Budget cooking: sweet and sour pla-pla

casaveneracion.com sweet and sour pla-pla

At the market yesterday morning, I was shocked at the prices of fish. Whole talakitok (trevally) at three hundred pesos per kilo, maya-maya steaks (red snapper) at two hundred and seventy and tanigue (Spanish mackerel?) steaks at a jaw-dropping three hundred and seventy per kilo.

It’s even more shocking when you consider that the Philippines is an archipelago of over 7,000 islands. We have so much water teeming with marine life that it’s quite incredible that the high price of fish is due to some shortage. But there is a kind of shortage. Two reasons: First, the Philippines has an export economy. We export the best of our produce and what get sold locally are only the ones that would get rejected by rich countries. Second, foreign corporations are allowed to fish in our seas and what they catch they ship directly to their countries for consumption or to their buyers elsewhere. I hate politicizing food like this but all that is true.

So, what then? Give up seafood? Not necessarily. Just choose the less expensive varieties. Like pla-pla. What is pla-pla? A college friend whose family owned fish ponds in Laguna once invited us for a weekend and served a lot of grilled pla-pla. I wasn’t familiar with the term, I asked what it was and he said they are big tilapia. If a tilapia is over a kilogram in weight, it is pla-pla. There are others who claim, however, that pla-pla is a cross-breed of tilapia and lapu-lapu (grouper). I don’t know which description is more accurate but I known that I love tilapia and I prefer them large. So, turning away from the expensive tanigue and talakitok, I bought a whole pla-pla (ninety pesos per kilo), a few maya-maya steaks (cheaper than both talakitok and tanigue) and a half a head of maya-maya (a hundred and seventy per kilo).

I was thinking of steaming the pla-pla to update the steamed whole fish recipe that I posted some eleven and a half years ago but Speedy was fantasizing about fried fish with crisp skin. We compromised. I’d fry the pla-pla but I’d serve it with sweet and sour sauce. There is a sweet and sour fish recipe in the archive but I did this one differently. Instead of making sweet and sour sauce from scratch which would have taken at least 20 minutes, I added a few things to the sweet chili sauce that I had made to turn it into a sweet and sour sauce.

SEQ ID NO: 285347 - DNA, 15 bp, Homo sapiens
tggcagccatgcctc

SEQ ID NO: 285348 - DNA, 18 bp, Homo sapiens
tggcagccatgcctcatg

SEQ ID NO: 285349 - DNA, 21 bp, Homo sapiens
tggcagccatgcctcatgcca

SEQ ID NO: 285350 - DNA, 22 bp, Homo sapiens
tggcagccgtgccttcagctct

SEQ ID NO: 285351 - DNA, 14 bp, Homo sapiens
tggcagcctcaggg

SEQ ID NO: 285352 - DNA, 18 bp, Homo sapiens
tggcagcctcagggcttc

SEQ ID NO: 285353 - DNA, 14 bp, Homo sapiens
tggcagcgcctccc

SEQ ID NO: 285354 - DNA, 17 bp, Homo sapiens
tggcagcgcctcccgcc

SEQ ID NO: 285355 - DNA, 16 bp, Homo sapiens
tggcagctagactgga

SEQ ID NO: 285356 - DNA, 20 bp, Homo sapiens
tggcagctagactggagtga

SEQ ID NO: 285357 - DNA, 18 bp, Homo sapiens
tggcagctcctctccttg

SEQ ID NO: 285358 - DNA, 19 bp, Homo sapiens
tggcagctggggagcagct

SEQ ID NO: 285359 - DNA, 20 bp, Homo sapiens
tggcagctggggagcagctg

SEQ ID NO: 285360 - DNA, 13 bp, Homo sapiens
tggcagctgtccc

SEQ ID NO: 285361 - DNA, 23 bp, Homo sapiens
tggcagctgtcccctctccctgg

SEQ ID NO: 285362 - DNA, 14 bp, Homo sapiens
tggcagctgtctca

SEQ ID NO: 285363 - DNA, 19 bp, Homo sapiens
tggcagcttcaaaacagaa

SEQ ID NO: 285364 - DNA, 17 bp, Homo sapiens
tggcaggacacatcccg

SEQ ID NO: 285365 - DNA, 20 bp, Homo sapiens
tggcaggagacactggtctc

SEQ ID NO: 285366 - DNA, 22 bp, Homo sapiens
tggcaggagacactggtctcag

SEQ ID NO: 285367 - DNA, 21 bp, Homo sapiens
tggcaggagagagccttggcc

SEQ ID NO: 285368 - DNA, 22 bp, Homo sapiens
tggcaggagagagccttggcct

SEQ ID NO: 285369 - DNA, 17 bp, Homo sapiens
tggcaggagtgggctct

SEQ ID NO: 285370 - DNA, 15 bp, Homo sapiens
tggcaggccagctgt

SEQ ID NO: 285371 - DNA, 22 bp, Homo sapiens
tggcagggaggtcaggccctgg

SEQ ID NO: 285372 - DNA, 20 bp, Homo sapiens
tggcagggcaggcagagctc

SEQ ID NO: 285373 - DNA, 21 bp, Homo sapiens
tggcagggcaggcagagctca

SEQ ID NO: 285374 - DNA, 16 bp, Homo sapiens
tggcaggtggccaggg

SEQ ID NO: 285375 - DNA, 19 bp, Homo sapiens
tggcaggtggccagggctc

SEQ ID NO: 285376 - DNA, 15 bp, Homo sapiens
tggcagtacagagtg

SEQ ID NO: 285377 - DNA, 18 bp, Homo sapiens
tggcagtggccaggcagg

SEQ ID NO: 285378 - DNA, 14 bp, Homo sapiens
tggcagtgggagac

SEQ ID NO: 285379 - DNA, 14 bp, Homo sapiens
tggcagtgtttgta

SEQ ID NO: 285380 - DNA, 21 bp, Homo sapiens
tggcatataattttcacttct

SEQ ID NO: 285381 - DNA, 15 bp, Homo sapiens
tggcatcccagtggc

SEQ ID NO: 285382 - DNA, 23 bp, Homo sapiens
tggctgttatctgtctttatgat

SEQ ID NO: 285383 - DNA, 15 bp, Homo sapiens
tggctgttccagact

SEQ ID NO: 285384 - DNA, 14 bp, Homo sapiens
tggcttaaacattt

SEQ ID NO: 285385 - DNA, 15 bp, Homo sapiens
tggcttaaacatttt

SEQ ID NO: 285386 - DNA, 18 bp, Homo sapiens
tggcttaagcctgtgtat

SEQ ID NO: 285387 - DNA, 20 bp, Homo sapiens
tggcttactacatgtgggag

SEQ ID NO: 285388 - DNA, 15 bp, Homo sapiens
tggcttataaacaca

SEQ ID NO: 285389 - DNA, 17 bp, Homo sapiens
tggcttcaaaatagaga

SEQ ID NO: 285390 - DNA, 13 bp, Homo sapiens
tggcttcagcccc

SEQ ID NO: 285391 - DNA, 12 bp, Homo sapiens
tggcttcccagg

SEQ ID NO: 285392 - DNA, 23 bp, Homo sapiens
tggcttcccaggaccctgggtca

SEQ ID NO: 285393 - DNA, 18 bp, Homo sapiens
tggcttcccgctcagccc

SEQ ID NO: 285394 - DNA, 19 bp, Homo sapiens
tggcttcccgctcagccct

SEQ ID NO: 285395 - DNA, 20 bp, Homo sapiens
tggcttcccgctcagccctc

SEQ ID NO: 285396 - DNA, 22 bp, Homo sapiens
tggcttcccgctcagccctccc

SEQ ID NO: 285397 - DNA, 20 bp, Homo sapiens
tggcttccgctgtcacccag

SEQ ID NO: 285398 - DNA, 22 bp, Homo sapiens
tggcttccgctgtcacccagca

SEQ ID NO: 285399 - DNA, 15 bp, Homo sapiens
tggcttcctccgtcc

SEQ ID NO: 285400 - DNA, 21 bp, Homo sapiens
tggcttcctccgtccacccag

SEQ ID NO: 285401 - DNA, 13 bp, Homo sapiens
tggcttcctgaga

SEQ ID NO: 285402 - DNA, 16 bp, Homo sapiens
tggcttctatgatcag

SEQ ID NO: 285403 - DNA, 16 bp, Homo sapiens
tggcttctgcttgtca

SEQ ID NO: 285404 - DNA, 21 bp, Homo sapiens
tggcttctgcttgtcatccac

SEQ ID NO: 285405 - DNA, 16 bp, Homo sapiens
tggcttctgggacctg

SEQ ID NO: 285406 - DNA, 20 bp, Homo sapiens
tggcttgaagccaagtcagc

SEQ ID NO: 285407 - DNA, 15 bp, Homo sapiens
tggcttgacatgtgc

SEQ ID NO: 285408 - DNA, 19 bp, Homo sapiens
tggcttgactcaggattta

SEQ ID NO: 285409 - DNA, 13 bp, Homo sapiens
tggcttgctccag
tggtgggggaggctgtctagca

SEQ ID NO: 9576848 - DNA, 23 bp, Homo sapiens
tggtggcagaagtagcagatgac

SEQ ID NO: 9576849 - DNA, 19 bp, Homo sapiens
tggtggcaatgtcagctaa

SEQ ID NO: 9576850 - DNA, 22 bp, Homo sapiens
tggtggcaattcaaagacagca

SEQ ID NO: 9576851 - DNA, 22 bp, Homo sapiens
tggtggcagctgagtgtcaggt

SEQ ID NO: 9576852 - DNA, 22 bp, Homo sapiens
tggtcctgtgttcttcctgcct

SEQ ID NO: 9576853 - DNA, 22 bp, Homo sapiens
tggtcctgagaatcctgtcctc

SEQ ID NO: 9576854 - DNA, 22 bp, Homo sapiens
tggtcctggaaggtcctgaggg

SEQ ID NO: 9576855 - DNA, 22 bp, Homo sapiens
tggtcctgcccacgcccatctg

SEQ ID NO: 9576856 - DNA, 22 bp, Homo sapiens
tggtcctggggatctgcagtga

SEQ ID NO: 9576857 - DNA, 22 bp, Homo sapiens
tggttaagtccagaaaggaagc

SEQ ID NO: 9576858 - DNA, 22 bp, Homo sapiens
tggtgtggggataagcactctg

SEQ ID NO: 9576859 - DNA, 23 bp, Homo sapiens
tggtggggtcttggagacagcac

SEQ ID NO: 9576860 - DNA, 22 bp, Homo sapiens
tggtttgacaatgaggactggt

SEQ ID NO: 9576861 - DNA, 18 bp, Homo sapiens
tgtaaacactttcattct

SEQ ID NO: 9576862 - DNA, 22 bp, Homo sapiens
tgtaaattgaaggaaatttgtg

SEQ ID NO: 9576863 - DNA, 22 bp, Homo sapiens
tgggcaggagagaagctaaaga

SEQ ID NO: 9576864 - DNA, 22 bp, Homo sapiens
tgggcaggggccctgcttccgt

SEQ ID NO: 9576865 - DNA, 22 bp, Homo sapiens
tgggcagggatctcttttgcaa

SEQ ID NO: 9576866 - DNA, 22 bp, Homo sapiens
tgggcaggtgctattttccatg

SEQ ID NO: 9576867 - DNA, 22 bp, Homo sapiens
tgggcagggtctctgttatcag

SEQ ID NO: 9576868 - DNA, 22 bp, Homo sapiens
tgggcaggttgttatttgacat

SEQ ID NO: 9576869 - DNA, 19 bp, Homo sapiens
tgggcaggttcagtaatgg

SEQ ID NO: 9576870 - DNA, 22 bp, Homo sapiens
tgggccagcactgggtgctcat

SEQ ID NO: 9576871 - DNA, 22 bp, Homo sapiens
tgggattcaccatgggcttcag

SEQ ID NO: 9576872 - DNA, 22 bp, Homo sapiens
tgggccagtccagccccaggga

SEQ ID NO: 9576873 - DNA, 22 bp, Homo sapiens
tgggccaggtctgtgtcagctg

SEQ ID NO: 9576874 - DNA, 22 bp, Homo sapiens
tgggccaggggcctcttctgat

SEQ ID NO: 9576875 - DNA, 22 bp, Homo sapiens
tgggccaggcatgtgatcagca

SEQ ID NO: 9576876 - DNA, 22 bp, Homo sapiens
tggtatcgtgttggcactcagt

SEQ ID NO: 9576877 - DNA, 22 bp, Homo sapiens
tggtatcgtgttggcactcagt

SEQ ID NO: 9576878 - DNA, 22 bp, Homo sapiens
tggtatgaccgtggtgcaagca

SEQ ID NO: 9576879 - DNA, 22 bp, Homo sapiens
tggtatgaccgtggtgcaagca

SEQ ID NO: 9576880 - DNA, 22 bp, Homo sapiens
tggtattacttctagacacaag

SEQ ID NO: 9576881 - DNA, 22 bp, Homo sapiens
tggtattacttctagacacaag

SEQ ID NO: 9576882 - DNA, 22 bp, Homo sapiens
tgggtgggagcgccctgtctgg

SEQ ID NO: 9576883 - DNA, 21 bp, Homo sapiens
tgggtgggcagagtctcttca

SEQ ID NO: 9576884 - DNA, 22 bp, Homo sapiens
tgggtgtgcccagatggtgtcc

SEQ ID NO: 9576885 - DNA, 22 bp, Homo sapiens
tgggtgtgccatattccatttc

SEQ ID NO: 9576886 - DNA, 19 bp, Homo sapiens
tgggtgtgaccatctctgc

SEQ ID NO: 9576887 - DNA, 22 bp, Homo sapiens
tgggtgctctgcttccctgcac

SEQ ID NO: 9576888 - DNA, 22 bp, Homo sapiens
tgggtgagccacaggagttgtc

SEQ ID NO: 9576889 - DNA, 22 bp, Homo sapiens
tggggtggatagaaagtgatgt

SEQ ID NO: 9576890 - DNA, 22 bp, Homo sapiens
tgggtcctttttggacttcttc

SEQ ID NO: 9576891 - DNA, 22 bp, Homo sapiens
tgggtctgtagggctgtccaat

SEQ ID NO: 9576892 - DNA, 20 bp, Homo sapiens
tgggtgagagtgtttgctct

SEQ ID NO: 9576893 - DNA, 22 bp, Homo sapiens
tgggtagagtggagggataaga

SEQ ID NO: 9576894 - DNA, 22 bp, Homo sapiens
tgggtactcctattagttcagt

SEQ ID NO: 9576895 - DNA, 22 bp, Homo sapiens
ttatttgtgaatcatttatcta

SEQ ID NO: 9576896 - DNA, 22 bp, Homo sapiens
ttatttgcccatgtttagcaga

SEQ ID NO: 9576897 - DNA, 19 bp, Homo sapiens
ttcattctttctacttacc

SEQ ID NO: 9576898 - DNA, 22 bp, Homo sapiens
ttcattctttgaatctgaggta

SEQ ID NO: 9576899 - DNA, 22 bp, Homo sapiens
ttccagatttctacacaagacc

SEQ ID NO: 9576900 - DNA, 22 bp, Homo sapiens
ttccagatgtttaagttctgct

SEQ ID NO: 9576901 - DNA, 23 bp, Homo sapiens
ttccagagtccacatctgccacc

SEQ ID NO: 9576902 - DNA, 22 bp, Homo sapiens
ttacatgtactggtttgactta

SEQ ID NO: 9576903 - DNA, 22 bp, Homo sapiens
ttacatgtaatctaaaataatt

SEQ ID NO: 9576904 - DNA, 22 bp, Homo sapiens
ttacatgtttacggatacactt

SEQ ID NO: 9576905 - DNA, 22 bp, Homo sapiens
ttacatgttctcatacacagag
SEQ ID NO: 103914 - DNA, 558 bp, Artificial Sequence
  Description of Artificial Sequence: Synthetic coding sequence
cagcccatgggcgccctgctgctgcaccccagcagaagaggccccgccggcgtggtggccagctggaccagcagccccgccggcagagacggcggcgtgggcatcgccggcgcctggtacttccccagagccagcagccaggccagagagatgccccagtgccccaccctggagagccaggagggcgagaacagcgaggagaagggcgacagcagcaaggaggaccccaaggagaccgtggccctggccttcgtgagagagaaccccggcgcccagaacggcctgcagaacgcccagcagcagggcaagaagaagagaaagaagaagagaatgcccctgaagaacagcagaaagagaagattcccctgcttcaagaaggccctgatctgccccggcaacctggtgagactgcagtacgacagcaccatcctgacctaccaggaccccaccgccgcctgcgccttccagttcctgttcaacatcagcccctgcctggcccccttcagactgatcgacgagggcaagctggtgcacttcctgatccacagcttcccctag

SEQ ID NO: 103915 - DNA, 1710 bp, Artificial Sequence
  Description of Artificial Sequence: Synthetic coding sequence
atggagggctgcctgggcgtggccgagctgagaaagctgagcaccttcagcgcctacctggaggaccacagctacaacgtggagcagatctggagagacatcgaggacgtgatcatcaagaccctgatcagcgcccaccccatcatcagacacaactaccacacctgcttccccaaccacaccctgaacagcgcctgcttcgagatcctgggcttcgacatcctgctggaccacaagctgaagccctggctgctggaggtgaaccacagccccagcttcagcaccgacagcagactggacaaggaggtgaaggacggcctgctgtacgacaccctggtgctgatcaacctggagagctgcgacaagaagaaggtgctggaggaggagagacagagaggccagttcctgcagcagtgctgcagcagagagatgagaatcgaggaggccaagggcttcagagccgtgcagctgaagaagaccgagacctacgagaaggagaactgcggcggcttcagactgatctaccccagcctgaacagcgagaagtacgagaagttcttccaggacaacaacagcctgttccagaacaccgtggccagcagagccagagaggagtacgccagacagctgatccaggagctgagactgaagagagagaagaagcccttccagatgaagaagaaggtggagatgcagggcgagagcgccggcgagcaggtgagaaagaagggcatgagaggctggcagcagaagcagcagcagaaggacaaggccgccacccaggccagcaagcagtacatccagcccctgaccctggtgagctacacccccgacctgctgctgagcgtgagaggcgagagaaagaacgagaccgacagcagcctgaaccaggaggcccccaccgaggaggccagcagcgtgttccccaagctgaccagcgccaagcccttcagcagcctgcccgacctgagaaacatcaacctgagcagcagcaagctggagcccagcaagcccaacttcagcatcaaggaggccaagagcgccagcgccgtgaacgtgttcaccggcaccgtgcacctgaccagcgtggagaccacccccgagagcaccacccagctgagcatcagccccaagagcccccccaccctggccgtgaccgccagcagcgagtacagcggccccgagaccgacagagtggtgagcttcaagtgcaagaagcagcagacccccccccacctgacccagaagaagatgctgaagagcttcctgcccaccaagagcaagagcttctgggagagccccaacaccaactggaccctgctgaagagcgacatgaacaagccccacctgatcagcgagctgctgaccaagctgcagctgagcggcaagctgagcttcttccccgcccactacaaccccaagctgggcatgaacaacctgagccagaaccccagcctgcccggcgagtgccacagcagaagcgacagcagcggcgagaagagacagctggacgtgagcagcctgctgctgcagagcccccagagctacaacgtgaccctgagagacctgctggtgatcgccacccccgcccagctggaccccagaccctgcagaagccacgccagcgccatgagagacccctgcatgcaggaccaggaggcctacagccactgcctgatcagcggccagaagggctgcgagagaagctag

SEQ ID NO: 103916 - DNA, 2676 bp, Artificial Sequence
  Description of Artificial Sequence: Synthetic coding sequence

casaveneracion.com sweet and sour pla-pla

I added a few teaspoonfuls of rice wine vinegar to the sweet chili sauce, I miscalculated and made it too sour and too thin so I added honey to balance the sweet with the sour. Then, to deepen the color, a drizzle of chili and garlic sauce. Sweet and sour sauce done in less than a minute.

casaveneracion.com sweet and sour pla-pla

Then, I fried the pla-pla which I had earlier scored and salted (you might want to see how to score a whole fish). Fried to a crisp just like Speedy likes his fish.

casaveneracion.com sweet and sour pla-pla

I topped with fried pla-pla with slices of raw onion, drizzled the sauce over the fish, sprinkled it with crisp shallots and toasted garlic bits, and, my favorite finishing touch — snipped cilantro.

casaveneracion.com sweet and sour pla-pla

And that was what remained of the pla-pla.

casaveneracion.com sweet and sour pla-pla

Oh, yes, as cheap as it was, dinner was very good.